Divisive Camps Square Off in Lebanon Vote

One pushes liberal economy, the other Islamic militancy
By Ambreen Ali,  Newser Staff
Posted Apr 13, 2009 3:03 PM CDT
Divisive Camps Square Off in Lebanon Vote
Youths on scooters, one holding the Lebanese flag, celebrate the election of a new Lebanese president last year. He praised Hezbollah's fight against Israel.   (AP Photo)

Hezbollah is inching towards greater control in Lebanon as the nation gears up for June’s parliamentary elections. The Shiite group, which favors spurning the West and resisting Israel with arms, is in a minority coalition, but winning a handful of seats could change that, GlobalPost reports. Its opposition, led by Sunni leader Saad al-Hariri, opposes arming Hezbollah and envisions an open-market, liberal society.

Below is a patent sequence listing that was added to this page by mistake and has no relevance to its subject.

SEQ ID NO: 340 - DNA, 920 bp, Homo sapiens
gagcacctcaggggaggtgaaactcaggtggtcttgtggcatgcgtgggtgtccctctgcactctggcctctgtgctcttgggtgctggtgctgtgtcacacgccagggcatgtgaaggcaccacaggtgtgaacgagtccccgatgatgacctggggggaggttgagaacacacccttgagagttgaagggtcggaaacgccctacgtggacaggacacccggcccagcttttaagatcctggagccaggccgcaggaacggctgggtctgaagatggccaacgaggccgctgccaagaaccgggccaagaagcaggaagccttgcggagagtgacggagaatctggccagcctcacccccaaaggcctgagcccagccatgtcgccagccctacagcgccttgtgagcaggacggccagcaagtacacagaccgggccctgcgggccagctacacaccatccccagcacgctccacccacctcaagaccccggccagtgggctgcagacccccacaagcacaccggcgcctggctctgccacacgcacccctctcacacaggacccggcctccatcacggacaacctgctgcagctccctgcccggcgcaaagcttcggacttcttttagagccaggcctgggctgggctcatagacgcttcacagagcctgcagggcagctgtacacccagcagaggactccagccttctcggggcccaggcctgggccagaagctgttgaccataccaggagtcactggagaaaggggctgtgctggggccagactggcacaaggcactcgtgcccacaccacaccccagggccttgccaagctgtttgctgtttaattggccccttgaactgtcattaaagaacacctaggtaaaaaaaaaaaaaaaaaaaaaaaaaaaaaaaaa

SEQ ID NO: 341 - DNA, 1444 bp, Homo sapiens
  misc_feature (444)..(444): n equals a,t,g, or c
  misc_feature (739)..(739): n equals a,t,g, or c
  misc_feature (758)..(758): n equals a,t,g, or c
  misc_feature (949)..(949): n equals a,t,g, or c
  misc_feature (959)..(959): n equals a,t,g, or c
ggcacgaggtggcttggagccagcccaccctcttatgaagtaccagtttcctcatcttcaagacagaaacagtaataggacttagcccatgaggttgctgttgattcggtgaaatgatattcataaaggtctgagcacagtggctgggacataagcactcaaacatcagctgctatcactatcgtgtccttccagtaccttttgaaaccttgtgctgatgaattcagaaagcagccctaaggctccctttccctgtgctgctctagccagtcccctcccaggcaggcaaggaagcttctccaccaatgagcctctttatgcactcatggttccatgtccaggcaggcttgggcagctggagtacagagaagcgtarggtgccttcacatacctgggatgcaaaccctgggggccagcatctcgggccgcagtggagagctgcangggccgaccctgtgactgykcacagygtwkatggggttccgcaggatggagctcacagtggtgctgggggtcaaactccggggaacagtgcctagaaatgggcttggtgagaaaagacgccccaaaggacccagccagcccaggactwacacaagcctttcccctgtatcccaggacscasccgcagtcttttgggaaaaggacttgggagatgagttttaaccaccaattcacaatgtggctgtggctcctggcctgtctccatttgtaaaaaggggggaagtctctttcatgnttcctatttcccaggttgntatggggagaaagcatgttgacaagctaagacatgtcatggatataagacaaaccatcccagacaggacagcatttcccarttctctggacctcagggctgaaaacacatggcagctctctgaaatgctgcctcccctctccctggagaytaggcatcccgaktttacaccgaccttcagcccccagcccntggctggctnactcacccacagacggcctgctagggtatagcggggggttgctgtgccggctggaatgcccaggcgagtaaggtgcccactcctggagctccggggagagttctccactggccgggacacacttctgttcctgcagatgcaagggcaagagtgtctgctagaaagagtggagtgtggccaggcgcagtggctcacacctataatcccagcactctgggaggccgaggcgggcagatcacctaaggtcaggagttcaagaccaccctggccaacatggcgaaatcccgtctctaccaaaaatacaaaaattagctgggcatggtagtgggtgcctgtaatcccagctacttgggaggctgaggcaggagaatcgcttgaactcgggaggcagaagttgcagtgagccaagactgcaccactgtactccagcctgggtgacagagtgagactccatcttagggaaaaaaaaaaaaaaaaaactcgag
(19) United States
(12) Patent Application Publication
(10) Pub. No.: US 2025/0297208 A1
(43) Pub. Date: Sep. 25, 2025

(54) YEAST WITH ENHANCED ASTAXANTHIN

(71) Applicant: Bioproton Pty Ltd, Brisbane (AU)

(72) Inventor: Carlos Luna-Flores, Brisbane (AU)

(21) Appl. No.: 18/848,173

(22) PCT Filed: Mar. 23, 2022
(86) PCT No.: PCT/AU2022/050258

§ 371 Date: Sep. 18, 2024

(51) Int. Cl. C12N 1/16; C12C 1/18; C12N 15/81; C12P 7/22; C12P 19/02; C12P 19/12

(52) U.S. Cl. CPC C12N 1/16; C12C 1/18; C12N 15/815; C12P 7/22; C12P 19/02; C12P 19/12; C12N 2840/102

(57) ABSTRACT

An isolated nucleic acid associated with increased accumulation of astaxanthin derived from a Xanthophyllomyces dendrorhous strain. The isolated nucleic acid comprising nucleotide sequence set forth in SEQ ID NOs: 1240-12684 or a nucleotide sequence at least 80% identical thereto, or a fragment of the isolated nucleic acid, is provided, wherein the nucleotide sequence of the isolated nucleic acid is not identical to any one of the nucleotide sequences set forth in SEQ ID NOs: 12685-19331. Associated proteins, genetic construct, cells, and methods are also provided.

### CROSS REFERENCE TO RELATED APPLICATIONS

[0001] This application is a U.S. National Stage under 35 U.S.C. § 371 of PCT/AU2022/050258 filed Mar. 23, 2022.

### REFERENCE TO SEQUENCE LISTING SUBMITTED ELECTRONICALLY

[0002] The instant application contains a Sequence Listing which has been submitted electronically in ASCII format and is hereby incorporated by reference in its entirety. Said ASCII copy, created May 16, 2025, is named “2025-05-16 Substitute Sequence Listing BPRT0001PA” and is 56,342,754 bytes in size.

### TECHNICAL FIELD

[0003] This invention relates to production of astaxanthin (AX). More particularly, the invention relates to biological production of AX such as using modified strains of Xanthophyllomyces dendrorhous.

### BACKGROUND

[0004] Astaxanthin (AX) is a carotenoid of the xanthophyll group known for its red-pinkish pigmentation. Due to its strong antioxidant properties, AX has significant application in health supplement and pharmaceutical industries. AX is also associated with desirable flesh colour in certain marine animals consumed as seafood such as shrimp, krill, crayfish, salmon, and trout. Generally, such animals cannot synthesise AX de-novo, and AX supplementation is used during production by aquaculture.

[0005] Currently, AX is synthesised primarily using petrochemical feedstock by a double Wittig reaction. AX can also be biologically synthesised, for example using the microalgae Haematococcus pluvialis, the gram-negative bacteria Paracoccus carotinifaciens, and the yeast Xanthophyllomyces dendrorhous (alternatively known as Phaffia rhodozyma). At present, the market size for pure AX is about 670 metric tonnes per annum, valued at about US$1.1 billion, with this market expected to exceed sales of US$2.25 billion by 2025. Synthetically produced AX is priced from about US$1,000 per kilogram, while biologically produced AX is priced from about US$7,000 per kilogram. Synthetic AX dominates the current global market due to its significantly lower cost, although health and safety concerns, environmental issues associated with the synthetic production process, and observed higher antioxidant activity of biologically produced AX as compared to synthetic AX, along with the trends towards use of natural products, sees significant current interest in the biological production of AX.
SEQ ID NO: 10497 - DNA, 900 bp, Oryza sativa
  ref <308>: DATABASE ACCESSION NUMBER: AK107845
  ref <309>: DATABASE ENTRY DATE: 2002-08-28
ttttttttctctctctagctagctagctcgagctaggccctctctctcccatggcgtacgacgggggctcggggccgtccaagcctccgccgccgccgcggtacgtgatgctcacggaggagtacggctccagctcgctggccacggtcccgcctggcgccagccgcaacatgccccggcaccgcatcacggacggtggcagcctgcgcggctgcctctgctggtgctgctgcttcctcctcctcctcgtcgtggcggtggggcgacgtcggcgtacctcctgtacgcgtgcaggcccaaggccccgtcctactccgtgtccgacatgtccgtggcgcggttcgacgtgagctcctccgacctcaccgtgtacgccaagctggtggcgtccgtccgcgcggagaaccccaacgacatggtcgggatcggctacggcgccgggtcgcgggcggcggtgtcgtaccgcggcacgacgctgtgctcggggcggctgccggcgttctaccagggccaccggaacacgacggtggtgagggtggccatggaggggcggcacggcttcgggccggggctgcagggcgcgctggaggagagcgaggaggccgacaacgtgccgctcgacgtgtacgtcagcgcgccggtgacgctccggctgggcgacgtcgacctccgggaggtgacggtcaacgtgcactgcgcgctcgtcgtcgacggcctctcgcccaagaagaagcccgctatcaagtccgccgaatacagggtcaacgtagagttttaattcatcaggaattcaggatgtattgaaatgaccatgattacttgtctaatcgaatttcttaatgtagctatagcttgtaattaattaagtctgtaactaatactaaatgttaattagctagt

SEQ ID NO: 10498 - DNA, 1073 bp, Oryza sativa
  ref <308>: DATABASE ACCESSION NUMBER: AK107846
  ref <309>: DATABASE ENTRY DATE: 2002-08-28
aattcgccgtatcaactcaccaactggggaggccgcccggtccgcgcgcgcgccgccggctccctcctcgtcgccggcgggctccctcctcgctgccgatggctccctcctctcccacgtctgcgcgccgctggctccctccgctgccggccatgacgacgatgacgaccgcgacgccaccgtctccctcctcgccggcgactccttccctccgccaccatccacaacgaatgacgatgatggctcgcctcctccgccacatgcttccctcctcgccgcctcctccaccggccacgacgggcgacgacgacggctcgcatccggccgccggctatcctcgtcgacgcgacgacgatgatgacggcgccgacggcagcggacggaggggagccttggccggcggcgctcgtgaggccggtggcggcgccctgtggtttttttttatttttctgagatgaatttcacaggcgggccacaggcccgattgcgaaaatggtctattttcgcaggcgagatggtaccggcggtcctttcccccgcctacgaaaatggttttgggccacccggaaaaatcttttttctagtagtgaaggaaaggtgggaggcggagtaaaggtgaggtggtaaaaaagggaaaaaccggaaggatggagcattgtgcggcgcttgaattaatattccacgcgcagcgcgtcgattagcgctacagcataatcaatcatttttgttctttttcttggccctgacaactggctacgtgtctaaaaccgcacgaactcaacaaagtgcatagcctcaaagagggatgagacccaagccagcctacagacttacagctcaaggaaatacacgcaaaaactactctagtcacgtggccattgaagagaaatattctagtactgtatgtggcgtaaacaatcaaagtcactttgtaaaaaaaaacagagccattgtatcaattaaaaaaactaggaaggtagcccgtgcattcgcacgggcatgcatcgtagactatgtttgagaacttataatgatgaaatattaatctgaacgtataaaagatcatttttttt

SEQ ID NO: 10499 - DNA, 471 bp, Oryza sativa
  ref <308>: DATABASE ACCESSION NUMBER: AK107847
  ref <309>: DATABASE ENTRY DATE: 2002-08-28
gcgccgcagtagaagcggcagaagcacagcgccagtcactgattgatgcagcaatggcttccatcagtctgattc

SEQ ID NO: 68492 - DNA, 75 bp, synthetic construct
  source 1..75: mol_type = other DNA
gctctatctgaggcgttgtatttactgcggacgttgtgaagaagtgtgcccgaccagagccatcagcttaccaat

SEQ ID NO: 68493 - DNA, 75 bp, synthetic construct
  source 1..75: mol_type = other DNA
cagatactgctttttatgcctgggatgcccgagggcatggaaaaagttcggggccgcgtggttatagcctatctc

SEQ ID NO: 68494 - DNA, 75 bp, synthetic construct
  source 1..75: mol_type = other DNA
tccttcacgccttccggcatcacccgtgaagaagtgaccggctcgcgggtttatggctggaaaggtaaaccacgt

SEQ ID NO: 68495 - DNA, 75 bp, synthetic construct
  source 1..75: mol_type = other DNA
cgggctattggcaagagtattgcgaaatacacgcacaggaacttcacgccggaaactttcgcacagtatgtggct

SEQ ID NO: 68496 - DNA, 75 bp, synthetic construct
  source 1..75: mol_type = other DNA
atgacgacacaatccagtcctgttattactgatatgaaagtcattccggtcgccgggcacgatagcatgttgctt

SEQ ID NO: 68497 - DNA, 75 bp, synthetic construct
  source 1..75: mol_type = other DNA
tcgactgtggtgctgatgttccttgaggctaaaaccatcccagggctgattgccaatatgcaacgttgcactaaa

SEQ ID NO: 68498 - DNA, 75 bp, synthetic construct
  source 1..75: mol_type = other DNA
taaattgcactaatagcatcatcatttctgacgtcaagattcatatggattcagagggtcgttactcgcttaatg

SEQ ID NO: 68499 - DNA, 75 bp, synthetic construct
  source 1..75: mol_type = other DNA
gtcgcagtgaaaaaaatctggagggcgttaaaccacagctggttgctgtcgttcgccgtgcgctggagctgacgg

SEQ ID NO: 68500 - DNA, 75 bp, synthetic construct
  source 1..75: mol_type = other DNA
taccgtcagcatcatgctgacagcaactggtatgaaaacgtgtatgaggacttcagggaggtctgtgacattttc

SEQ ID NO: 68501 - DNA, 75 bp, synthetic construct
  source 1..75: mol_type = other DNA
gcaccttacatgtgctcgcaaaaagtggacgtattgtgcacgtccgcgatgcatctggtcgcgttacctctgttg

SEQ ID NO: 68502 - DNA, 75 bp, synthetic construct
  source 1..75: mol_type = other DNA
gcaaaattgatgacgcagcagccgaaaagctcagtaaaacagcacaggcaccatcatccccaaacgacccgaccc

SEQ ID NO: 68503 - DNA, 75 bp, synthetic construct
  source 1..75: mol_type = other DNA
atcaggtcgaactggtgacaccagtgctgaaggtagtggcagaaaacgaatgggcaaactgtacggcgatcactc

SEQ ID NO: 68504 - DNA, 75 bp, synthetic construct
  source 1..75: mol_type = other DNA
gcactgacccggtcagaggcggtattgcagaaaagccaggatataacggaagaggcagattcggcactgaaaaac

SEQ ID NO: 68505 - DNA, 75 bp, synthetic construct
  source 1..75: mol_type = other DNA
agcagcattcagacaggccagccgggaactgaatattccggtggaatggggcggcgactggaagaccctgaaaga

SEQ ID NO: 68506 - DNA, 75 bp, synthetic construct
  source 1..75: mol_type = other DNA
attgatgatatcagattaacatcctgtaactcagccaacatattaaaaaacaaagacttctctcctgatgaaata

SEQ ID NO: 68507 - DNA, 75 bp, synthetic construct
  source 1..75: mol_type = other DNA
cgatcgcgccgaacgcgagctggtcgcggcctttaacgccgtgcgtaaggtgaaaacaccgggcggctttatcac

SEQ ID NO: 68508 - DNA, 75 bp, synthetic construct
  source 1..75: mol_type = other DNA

Lebanese voters are divisively split along sectarian and ideological lines. Though 700 candidates are vying for the 128 spots, the vote will come down to two dozen undecided districts—mostly Christian-dominated areas split between the two camps. The US has indicated that it will re-evaluate its billion-dollar aid package to Lebanon if militant Hezbollah takes control. (More Lebanon stories.)

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